1. Facebook games
We’ve talked about this before, but it bears repeating: With more than 55 million people playing games like Farmville and CityVille, most of them every single day, Facebook games represent a huge opportunity to build awareness – and even revenue – within a captive audience.
Lady Gaga launched a new song within Farmville (in ‘GagaVille’), and FTD Florist recently ran a special Mother’s Day promo within Kingdoms of Camelot – in other words, the numbers are starting to attract big brands.
The drawback? It’s still relatively uncharted territory, so there aren’t yet a lot of publicly available statistics or case studies. However, the upside is that getting in early means advertisers can negotiate better deals.
The great advantage of podcasts is the intimacy they create with users: Listening to a voice in your ears, day after day, creates a relationship with listeners, which is why so many podcasts have hugely loyal fanbases.
So I don’t know why more advertisers aren’t taking advantage of this ongoing relationship. Most podcasters are desperate for sponsorship, and are producing their podcasts on a shoestring budget, so it doesn’t require a huge budget to build some brand awareness.
The drawback? It’s hard to get your hands on objective download/subscriber statistics, but if the BBC numbers are any indication, there’s a healthy listener base to be leveraged.
3. YouTube ’star’ sponsorships
Again, we’ve talked about this before, too – but I’m still surprised that there aren’t more brands doing more in terms of sponsoring popular YouTubers. Two or three years ago, there was a certain amount of resistance on the part of users (who seemed to feel that their favourite YouTubers were somehow ’selling out’ by accepting sponsorships), but that seems to have died down now as the average user has come to accept that high-quality videos require a full-time commitment on the part of directors and producers, and that they deserve to get paid for their work.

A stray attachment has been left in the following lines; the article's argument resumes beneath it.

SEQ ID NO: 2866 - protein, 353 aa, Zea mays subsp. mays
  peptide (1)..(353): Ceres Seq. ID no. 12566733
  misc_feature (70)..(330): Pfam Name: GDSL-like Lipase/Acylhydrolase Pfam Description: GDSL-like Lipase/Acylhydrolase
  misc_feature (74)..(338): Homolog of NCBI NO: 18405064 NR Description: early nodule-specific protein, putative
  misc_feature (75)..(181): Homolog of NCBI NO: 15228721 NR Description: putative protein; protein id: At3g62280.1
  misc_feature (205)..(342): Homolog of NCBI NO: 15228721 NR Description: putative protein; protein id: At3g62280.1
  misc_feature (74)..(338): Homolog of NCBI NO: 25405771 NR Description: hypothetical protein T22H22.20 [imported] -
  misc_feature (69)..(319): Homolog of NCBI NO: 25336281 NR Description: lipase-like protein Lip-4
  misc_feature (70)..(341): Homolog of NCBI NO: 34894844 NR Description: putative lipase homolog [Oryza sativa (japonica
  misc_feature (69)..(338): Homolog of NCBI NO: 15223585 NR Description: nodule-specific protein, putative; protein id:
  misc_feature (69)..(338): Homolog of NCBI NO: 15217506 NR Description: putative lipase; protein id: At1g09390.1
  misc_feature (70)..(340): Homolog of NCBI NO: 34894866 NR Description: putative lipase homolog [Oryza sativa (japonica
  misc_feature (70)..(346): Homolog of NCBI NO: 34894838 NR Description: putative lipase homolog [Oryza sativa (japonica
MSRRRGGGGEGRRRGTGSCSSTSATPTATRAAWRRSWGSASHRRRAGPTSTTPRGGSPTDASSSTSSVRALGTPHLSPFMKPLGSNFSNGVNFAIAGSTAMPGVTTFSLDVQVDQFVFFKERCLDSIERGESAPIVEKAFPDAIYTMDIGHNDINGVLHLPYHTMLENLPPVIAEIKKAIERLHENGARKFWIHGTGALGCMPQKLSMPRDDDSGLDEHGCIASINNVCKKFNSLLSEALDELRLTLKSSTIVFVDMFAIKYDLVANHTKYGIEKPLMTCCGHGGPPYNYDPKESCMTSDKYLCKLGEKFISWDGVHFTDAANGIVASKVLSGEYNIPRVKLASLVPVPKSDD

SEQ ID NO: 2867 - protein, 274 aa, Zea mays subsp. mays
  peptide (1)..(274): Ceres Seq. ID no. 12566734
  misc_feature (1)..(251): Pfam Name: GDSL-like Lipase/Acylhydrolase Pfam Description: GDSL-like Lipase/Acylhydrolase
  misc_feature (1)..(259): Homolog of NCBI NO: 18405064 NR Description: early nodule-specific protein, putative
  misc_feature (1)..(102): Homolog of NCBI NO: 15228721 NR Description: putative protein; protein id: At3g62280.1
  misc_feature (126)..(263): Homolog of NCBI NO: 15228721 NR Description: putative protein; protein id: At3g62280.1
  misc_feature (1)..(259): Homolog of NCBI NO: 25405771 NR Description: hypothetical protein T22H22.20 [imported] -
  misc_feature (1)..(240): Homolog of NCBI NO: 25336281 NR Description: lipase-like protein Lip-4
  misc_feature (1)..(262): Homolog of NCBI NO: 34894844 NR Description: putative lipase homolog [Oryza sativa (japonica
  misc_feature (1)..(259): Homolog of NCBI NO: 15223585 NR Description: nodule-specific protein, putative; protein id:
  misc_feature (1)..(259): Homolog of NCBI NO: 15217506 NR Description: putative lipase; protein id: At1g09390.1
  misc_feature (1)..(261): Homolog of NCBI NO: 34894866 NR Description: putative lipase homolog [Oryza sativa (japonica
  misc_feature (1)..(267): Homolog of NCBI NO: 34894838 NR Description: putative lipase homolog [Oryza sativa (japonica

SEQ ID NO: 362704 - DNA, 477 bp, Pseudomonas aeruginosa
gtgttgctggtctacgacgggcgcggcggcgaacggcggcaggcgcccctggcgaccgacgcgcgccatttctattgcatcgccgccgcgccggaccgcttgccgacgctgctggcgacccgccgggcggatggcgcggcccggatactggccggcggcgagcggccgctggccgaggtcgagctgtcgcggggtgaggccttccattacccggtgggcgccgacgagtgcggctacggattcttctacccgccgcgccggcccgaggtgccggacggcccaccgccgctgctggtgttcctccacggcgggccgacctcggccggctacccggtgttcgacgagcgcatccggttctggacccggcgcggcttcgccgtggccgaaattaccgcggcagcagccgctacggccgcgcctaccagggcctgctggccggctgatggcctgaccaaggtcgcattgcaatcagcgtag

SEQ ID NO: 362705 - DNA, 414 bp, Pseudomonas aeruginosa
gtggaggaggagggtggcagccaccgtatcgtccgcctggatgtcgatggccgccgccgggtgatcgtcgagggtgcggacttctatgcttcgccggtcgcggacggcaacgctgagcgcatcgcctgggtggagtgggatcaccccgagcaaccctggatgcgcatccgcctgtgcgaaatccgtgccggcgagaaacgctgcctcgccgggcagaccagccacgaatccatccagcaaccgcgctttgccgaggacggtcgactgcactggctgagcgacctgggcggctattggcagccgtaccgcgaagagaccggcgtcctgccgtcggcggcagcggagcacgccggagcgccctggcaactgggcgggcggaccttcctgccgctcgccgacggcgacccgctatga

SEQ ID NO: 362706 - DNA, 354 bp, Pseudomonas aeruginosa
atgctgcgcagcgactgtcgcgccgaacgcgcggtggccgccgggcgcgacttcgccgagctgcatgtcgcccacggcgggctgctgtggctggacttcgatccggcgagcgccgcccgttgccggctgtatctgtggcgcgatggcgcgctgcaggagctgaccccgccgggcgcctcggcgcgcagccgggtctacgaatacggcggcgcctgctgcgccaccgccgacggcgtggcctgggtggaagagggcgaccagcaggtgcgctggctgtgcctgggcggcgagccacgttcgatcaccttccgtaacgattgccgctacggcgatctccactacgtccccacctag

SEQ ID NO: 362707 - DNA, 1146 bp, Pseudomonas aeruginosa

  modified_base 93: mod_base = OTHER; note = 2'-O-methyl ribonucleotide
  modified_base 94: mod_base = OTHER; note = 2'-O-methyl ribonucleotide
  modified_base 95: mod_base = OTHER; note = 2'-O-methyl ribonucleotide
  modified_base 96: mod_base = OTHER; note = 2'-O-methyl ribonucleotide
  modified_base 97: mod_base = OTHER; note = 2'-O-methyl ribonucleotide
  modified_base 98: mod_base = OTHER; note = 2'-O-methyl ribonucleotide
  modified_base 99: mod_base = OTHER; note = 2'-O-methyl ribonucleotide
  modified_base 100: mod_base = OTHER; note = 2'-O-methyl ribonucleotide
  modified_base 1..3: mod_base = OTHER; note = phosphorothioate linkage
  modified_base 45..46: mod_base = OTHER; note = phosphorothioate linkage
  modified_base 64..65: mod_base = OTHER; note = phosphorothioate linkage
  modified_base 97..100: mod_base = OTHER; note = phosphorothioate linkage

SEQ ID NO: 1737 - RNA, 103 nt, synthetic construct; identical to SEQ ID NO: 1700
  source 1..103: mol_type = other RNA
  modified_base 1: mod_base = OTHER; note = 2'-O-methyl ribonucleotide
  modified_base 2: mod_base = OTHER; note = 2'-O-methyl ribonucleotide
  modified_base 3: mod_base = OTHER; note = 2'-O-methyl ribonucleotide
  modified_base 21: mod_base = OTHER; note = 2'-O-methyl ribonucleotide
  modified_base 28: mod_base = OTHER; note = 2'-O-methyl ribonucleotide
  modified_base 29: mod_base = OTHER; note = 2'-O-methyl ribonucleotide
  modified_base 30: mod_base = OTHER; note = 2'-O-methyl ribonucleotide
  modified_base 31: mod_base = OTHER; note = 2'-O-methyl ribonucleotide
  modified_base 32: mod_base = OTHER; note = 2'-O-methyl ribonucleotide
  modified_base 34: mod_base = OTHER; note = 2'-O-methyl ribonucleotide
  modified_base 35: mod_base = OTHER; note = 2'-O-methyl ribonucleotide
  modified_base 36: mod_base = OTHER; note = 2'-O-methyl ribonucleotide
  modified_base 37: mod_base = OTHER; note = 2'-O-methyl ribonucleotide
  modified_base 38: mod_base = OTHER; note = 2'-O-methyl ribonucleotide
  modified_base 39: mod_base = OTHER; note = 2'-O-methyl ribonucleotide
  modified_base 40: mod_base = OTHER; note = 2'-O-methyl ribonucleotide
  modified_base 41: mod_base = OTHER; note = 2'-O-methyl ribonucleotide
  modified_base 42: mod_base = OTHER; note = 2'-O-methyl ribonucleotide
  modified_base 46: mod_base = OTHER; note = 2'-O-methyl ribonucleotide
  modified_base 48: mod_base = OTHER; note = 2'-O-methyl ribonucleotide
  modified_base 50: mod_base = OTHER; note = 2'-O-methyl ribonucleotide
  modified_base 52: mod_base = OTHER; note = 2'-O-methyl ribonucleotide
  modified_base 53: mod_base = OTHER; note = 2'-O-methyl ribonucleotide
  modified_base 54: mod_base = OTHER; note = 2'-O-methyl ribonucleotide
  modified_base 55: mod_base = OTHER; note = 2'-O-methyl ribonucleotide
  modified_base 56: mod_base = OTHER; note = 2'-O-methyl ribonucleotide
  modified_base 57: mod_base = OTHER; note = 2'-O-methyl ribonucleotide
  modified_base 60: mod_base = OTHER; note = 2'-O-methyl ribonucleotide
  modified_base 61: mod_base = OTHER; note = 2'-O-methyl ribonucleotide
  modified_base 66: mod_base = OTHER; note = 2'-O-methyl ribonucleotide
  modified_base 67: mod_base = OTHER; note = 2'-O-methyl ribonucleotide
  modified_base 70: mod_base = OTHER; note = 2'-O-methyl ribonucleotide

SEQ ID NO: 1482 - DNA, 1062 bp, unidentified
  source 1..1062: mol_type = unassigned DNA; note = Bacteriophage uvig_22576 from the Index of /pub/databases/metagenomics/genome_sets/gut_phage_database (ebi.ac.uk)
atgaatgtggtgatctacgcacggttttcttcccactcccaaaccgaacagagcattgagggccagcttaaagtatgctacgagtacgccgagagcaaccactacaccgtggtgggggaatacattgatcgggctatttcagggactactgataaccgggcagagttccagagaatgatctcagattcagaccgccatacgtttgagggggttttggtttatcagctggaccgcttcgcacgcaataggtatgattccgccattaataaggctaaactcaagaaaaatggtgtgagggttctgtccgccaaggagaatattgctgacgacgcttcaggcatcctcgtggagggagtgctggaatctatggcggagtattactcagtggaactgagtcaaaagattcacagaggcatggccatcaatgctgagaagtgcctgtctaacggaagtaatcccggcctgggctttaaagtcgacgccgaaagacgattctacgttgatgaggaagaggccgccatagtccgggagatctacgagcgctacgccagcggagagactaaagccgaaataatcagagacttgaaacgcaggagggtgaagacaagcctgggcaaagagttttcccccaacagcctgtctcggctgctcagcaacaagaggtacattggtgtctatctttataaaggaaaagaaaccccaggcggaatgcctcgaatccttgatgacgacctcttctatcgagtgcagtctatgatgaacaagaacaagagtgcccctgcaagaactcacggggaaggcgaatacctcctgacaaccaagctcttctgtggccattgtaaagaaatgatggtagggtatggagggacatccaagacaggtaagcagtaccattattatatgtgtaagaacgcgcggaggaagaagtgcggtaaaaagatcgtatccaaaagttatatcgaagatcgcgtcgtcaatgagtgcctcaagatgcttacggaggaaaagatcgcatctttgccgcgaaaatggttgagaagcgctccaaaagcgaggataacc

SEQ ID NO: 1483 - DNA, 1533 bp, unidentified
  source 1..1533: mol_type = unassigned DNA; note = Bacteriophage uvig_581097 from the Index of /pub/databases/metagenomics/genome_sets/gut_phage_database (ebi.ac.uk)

The drawback? YouTube users tend to skew younger, so it’s not the right fit for every brand. Here’s a great infographic to get you started.
4. Full-site blog advertising
I know, I know – you probably think PerezHilton is a sign of the apocalypse. And maybe it is. But he’s one blogger who’s done a fantastic job of monetizing his reach, and one of the ways he’s done it is by eschewing ‘regular’ ads in favour of a ‘whole background’ model.
When the whole background of a site changes on a regular basis, it’s hard to miss. And if you choose a site with a high repeat-visitor rate, even a 1-2 week campaign can deliver 7 impressions quickly.
The drawback? Blog sites that are used to a typical advertising model (i.e. square boxes on the side, a banner at the top) may require a little convincing to do a full-site graphic. But overcoming this objection is usually just a matter of money.
5. Mobile Twitter apps
These days, almost everyone I know uses Twitter from their smartphone, multiple times per day. So I’m constantly surprised that half the time I see a ‘Your Ad Here’ message where the advertising is supposed to go, because it seems like such a great opportunity to put your brand in the hands of consumers.
Ads on Twitter apps are kind of like bumpers (”This program brought to you by…”) on cable tv shows: They aren’t going to make sales suddenly skyrocket, but they’re inexpensive and do a good job of keeping your brand in front of a highly-targeted audience. And you can measure clickthroughs!
The drawback? You can’t put a lot of information on a small ad. But it’s clickable, so a logo + a brief call to action may be enough to generate interest.